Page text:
If school districts decide to screen a classroom of students for depression, current law does not require them to inform parents.

House Bill 3474 would change that, requiring that parents be given a chance to opt out.

Written testimony presented to the House Education Committee focused on the value and risks of the screenings themselves, but the bill’s language is about informing parents and allowing them or the student to refuse to participate.

As amended last week, the bill requires that two weeks before a screening, the school district “shall mail written notice of the mental health screening to the last-known address of the family of the student.”

The notice would advise that either the student or parent can request in writing that the student not be screened, and allows the student to refuse on the day of screening. The bill also says results cannot be included in students’ education records. If the district wants to screen an individual student rather than a whole grade or classroom, it would need the written permission of a parent, as it does now.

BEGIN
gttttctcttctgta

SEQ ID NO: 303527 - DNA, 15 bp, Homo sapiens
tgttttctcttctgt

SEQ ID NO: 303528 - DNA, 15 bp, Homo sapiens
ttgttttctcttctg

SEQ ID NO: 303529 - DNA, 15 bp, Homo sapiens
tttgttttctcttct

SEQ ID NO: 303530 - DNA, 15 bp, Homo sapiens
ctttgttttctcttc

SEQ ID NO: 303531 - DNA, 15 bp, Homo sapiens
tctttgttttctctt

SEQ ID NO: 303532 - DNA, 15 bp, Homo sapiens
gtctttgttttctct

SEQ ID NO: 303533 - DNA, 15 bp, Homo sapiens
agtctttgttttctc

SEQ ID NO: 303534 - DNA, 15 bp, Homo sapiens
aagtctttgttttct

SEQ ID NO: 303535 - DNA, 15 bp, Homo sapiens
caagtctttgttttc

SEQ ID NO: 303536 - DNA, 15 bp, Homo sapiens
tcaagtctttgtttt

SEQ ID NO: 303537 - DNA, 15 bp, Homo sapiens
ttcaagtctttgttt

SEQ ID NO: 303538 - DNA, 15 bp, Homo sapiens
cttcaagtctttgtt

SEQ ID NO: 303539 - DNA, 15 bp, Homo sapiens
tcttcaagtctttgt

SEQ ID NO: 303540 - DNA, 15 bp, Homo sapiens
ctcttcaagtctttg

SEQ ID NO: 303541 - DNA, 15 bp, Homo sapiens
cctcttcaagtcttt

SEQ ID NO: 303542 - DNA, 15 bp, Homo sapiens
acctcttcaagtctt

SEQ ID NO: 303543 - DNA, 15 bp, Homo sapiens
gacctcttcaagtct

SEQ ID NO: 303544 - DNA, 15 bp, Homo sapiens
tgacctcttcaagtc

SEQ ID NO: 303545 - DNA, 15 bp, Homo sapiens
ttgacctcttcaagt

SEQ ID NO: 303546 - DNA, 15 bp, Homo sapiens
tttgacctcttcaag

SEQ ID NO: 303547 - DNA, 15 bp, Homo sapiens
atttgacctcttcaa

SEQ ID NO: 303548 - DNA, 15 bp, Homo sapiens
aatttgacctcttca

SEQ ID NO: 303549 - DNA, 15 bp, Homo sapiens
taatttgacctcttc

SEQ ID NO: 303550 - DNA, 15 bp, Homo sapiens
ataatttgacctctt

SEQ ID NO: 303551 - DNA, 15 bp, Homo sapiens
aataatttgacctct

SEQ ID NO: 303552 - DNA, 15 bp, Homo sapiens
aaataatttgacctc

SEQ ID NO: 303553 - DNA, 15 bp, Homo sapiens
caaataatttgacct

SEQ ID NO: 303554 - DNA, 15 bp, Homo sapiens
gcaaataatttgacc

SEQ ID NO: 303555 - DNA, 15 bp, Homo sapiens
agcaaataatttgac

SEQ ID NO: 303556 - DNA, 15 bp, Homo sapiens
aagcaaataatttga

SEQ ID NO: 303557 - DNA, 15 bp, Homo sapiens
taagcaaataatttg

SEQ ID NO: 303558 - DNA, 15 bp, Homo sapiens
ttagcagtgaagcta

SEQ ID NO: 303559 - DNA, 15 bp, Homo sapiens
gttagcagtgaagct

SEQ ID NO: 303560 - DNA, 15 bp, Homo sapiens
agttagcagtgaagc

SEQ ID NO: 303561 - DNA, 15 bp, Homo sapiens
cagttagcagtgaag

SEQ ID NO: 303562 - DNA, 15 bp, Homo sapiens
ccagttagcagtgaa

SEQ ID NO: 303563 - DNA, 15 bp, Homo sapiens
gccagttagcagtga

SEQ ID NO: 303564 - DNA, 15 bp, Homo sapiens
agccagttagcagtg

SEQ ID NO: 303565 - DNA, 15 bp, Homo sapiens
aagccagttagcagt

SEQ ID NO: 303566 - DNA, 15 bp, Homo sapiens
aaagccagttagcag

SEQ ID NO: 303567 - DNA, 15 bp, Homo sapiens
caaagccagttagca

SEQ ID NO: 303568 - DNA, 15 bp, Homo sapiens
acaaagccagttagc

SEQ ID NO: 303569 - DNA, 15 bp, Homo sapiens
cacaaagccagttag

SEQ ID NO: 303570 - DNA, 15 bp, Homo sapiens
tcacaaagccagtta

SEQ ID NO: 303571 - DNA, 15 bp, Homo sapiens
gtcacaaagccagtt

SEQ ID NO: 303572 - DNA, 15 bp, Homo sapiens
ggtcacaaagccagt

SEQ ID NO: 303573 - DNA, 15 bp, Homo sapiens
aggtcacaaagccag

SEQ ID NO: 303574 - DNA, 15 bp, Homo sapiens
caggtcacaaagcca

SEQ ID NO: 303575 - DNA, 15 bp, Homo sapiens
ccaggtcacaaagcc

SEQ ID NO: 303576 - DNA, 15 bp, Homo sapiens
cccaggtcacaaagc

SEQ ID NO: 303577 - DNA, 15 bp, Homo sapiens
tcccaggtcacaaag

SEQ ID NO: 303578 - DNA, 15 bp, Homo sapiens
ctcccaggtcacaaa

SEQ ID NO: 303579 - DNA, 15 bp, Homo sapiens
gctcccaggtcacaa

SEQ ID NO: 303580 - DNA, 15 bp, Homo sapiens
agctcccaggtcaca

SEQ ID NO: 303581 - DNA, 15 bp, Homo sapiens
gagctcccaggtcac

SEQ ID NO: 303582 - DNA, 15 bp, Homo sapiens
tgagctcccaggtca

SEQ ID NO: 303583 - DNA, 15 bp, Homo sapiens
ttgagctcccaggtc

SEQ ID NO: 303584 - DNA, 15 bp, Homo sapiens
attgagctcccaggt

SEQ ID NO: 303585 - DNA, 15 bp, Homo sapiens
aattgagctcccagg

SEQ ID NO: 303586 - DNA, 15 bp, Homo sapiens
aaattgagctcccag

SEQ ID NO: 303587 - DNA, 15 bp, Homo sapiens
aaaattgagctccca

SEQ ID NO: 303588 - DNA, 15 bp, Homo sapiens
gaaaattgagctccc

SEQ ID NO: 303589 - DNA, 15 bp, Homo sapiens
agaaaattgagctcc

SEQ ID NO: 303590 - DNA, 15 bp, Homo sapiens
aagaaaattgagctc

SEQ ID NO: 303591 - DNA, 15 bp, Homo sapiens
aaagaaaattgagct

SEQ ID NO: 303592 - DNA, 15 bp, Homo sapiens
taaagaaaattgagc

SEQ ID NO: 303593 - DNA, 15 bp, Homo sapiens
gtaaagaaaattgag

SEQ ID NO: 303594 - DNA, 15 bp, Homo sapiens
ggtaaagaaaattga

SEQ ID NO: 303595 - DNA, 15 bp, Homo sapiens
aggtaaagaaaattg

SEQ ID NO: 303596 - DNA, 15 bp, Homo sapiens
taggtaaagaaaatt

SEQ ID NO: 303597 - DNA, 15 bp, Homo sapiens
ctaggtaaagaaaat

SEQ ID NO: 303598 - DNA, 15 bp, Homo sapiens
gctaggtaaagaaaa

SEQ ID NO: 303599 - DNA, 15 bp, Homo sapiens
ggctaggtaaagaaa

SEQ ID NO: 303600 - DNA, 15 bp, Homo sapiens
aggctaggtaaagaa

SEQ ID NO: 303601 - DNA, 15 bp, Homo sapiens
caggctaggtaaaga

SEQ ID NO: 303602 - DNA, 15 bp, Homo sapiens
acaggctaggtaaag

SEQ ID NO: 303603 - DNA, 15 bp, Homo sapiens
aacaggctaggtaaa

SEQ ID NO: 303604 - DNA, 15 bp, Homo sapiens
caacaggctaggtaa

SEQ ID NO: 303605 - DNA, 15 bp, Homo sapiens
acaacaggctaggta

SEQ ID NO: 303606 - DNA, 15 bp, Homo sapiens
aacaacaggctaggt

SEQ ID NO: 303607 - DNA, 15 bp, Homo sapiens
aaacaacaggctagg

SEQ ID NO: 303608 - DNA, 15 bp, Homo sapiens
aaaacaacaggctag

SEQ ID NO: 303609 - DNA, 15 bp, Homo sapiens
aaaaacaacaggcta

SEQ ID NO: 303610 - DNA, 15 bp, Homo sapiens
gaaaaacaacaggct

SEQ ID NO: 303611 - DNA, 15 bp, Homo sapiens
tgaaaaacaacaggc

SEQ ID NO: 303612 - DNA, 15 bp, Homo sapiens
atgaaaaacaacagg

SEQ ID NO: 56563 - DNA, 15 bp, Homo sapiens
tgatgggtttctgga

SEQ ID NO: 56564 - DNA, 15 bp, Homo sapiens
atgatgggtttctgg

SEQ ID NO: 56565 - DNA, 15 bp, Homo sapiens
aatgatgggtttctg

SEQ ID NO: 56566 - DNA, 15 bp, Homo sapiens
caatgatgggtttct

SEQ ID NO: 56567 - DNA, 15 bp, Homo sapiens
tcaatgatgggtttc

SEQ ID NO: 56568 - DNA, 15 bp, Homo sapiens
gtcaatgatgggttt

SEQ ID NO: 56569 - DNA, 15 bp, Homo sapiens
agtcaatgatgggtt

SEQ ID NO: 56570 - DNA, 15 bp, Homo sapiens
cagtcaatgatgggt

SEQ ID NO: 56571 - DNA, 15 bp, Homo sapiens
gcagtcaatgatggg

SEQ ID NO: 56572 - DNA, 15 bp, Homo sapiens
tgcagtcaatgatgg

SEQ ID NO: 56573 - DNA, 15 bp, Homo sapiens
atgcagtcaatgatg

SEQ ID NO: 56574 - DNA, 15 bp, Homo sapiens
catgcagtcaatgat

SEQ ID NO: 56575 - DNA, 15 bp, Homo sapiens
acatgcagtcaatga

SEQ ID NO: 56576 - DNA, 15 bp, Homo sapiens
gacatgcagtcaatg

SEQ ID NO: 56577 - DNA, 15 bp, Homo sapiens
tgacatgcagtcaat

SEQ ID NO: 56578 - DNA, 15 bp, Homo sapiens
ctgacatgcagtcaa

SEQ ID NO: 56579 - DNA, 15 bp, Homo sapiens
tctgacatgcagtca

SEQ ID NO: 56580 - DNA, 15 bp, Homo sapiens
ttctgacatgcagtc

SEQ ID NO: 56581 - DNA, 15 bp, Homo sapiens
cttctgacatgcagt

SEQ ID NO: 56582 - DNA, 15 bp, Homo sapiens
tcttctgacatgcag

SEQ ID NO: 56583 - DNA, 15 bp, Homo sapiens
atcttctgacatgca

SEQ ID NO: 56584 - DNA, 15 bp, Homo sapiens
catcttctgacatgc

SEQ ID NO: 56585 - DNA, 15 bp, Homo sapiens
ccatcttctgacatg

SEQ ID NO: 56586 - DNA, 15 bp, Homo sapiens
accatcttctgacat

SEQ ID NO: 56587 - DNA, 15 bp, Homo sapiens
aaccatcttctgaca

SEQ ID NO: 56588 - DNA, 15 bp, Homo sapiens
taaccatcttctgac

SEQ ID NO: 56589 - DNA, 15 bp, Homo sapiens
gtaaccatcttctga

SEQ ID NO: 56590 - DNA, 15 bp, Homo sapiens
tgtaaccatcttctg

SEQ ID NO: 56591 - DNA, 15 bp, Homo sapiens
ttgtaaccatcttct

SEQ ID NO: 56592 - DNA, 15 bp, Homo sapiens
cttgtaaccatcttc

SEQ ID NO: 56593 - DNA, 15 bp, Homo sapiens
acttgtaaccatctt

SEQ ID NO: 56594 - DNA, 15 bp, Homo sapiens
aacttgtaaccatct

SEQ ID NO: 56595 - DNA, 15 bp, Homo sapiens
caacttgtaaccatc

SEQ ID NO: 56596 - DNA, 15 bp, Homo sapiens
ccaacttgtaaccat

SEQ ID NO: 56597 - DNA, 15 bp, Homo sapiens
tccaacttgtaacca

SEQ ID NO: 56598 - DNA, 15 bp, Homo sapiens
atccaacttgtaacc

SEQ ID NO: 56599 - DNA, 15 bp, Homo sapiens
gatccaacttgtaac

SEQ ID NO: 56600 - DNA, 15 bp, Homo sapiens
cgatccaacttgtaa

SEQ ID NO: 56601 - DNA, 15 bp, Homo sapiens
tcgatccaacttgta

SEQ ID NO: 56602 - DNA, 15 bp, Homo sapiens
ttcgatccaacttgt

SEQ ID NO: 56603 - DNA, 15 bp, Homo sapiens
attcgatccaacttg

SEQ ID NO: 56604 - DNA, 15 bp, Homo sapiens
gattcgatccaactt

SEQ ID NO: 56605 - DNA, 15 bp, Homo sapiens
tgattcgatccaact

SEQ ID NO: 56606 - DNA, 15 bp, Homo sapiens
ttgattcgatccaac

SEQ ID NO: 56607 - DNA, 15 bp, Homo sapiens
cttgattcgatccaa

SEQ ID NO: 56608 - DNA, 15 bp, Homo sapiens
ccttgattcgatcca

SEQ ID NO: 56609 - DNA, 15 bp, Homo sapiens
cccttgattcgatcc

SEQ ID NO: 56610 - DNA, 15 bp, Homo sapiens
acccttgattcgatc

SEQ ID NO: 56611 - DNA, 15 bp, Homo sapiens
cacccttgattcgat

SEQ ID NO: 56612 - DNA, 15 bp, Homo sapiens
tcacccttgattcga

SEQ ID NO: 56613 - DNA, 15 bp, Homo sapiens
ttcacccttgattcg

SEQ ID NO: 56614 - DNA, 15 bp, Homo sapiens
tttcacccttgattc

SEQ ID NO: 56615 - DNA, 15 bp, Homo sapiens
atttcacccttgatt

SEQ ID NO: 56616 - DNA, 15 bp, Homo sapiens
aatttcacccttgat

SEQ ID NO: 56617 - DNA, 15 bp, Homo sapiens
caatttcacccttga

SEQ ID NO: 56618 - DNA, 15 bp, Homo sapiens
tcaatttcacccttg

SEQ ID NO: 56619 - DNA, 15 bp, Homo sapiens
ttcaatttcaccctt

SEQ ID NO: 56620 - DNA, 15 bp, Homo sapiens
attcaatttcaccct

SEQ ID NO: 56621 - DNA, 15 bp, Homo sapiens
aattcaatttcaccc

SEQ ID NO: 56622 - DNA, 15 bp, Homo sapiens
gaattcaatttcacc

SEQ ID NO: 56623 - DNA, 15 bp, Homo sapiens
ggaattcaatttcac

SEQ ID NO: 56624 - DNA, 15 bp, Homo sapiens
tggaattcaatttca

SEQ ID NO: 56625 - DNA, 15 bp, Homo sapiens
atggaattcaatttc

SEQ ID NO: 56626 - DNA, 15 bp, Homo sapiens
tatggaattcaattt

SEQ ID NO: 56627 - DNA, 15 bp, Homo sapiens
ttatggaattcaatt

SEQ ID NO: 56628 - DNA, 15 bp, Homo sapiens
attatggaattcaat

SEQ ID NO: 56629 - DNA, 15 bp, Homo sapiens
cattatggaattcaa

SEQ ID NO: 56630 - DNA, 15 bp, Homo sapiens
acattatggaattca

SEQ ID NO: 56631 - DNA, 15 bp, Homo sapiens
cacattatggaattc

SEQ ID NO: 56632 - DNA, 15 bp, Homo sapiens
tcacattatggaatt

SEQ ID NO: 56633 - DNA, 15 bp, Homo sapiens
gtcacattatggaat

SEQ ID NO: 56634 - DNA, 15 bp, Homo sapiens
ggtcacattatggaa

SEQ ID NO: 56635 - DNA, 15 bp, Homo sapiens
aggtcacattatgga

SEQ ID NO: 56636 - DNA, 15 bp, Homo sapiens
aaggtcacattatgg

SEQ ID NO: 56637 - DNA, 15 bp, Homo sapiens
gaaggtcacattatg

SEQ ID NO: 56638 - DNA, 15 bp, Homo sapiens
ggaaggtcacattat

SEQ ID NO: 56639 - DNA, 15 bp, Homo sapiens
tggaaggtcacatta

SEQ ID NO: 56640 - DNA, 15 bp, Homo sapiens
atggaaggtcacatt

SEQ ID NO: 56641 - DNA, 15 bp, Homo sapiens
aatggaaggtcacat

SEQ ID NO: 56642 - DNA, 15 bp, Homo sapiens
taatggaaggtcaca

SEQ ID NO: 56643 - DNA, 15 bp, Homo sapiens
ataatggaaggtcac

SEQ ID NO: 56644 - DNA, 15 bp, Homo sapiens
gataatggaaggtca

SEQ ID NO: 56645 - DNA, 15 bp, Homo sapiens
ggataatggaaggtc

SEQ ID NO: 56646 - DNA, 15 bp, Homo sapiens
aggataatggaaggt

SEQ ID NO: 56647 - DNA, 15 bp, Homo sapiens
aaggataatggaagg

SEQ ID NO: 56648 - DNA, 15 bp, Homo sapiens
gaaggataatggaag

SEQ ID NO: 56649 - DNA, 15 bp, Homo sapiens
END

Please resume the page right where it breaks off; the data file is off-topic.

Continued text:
The Albany Democrat-Herald reports that the issue is of particular interest to the Lebanon Community School District, which recently completed a pilot program to screen seventh-graders for depression. They collected permission forms from parents — not required by law — and screened 60-70 of the nearly 200 students. They found about 15 percent of the screenings showed the students needed help.

Advocates for mental health screenings argue that screening can help troubled students, but it can be seen as a significant invasion of privacy. It also further erodes time and effort at school that should be spent on learning.

HB 3474 addresses just one piece of this complex issue, requiring notification and allowing parents and students to decide not to participate. That’s important protection and deserves support.